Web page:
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3/26/2016

Tide Jewels kanju manju

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. Legends and Tales from Japan 伝説 - Introduction .
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kanju manju 干珠満珠 the tide jewels
manju kanju 満珠干珠


quote
Tide jewels
In Japanese mythology, the tide jewels-- individually, the kanju (干珠, lit. "(tide-)ebbing jewel") and manju (満珠, lit. "(tide-)flowing jewel")-- were magical gems that the Sea God used to control the tides. Classical Japanese history texts record an ancient myth that the ocean kami Watatsumi 海神 "sea god" or Ryūjin 龍神 "dragon god" presented the kanju and manju to his demigod son-in-law Hoori, and a later legend that Empress Jingū used the tide jewels to conquer Korea.
Tide jewels interrelate Japanese dragons and wani sea-monsters, Indonesian mythology, the nyoi-ju 如意珠 "cintamani; wish-fulfilling jewel" in Japanese Buddhism, magic jewels of Nāga kings in Hindu mythology, and the pearl associations of Chinese dragons in Chinese mythology.
- - - - - Terminology
The Japanese compounds kanju 干珠 lit. "ebb jewel" and manju 満珠 lit. "flow jewel" combine kan 干 (cf. 乾) "dry up; drain off; ebb (tides); recede; oppose" and man 満 "fill; full; rise (tides); fulfill; satisfy" with ju, shu, or tama 珠 "gem; jewel; precious stone; pearl; bead". Compare the reversible compounds kanman 干満 and mankan 満干 or michihi 満ち干 meaning "ebb and flow; high and low tides; the tides". Shiomitsu-tama 潮満珠 and shiohiru-tama 潮干珠 are archaic "tide jewel" names using shio or chō 潮 "tide; flow; salt water".
- - - - - Early references
Two Nara period (710-794 CE) historical texts record myths that the Sea God presented the kanju and manju to Hoori, and a Kamakura period (1192-1333 CE) text says the legendary Empress Jingū used the tide jewels to conquer a Korean kingdom in 200 CE.
The tide jewels
are central to "The Lost Fishhook" legend about the fisherman Hoderi and hunter Hoori, two brothers who argued over replacing a lost fishhook. Hoori went searching to the bottom of the sea, where he met and married Toyotama-hime, the daughter of the dragon Sea God. After living three years in the undersea Ryūgū-jō 竜宮城 "dragon palace castle", Ryūjin presented Hoori with his brother's fishhook and the tide jewels, and arranged for him to take his sea-dragon bride back to land.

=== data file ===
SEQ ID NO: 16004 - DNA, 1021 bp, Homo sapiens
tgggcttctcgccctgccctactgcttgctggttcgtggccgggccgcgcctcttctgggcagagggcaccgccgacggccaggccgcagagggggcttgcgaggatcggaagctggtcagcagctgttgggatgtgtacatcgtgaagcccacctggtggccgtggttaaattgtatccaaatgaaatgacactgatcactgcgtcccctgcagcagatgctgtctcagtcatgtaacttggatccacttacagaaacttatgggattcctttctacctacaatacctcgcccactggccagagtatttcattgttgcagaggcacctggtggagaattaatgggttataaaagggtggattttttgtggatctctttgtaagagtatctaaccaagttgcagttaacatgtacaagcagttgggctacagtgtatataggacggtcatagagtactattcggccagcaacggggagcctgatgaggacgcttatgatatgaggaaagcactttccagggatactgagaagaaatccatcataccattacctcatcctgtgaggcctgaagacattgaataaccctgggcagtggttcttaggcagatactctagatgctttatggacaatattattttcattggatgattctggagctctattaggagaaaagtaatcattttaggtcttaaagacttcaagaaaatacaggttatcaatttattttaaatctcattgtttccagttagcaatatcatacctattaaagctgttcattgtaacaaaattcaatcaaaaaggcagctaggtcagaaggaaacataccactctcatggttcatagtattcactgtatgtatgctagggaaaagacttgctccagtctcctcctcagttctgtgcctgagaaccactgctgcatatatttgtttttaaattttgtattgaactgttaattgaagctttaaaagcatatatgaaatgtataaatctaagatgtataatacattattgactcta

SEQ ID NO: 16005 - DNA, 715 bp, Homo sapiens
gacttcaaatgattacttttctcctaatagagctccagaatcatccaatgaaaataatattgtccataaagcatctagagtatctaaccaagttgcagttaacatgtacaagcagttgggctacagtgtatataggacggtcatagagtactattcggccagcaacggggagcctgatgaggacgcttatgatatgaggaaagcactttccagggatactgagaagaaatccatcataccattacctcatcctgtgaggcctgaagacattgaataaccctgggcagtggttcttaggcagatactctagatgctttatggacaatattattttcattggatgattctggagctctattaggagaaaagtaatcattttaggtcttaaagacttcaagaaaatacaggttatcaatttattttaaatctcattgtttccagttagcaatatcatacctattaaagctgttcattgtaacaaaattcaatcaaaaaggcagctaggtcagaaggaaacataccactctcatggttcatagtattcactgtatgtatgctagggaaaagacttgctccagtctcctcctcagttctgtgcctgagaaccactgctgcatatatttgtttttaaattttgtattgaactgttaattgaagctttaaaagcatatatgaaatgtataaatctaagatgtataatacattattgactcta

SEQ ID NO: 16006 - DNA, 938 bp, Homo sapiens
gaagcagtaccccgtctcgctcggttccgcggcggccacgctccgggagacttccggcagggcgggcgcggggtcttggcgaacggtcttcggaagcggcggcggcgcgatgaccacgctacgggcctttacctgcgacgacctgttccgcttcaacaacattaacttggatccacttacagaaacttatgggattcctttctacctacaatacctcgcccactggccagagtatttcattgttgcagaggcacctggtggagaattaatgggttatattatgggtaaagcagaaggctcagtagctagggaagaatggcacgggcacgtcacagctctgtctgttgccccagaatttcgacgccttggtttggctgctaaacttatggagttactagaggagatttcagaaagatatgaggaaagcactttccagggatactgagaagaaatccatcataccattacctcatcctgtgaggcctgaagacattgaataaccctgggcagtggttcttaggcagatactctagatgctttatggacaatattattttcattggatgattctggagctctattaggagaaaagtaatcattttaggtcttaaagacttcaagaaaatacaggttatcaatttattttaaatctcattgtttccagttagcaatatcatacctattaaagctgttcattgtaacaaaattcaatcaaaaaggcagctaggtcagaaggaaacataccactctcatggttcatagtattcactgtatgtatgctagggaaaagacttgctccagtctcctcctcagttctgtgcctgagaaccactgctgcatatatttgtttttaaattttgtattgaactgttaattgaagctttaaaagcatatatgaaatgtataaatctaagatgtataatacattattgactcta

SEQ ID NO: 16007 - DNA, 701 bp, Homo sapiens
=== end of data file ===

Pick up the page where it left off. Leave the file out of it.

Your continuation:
- - - - - Kojiki
The ca. 680 CE Kojiki 古事記 "Record of Ancient Matters" uses the archaic names shiomitsu-tama 潮満珠 "tide-flowing jewel" and shiohiru-tama 潮干珠 "tide-ebbing jewel" in two consecutive passages.
The first describes the sea-god's advice to Hoori about how to confront his duplicitous brother Hoderi.
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- - - - - Nihongi
The ca. 720 CE Nihon shoki 日本書紀 "Chronicles of Japan" or Nihongi日本紀 has several references to tide jewels.
..... Empress Jingū found a Buddhist nyoi-ju 如意珠 lit. "as-one-wishes jewel",
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- - - - - Mizukagami
The ca. 1195 CE Mizukagami 水鏡 "Water Mirror", which is a collection of historical tales, confabulates the Nihongi legends about the tide jewels and Jingū conquering the Koreans (Bassett 1885:74). This text uses some different names, Sāgara 沙竭羅 (one of the 8 Dragon Kings) for the Sea God, and Koryo 句麗 or Koma 蓋馬 for the Korean kingdom Goguryeo.
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- - - - - Later references
The history of the kanju and manju tide jewels continues into the present day, long after the myths about Hoori's lost fishhook and Jingō's invented conquest.
..... The Japanese word for "pearl", shinju 真珠 lit. "true jewel", compares with kanju 干珠 "tide-ebbing jewel" and manju 満珠 "tide-flowing jewel".
This kanji 珠 is also pronounced tama, cognate with tama 玉 "jewel; gem; jade" seen above in the name Toyotama-hime and below in the next.


Princess Tamatori steals Ryūjin's tide jewels,
by Utagawa Kuniyoshi.

The fable of Tamatori-hime 玉取姫 "Princess Jewel Taker", which was a favorite ukiyo-e subject of Utagawa Kuniyoshi,
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Manju Shima 満珠島 "tide-flowing jewel island" and Kanju Shima 干珠島 "tide-ebbing jewel island" are uninhabited islets in the Kanmon Straits near Chōfu 長府 in Shimonoseki, Yamaguchi. In the 1185 CE Battle of Dan-no-ura during the Genpei War, the Minamoto (Genji) fleet defeated the Taira (Heike) fleet by taking advantage of the tides around these two islands.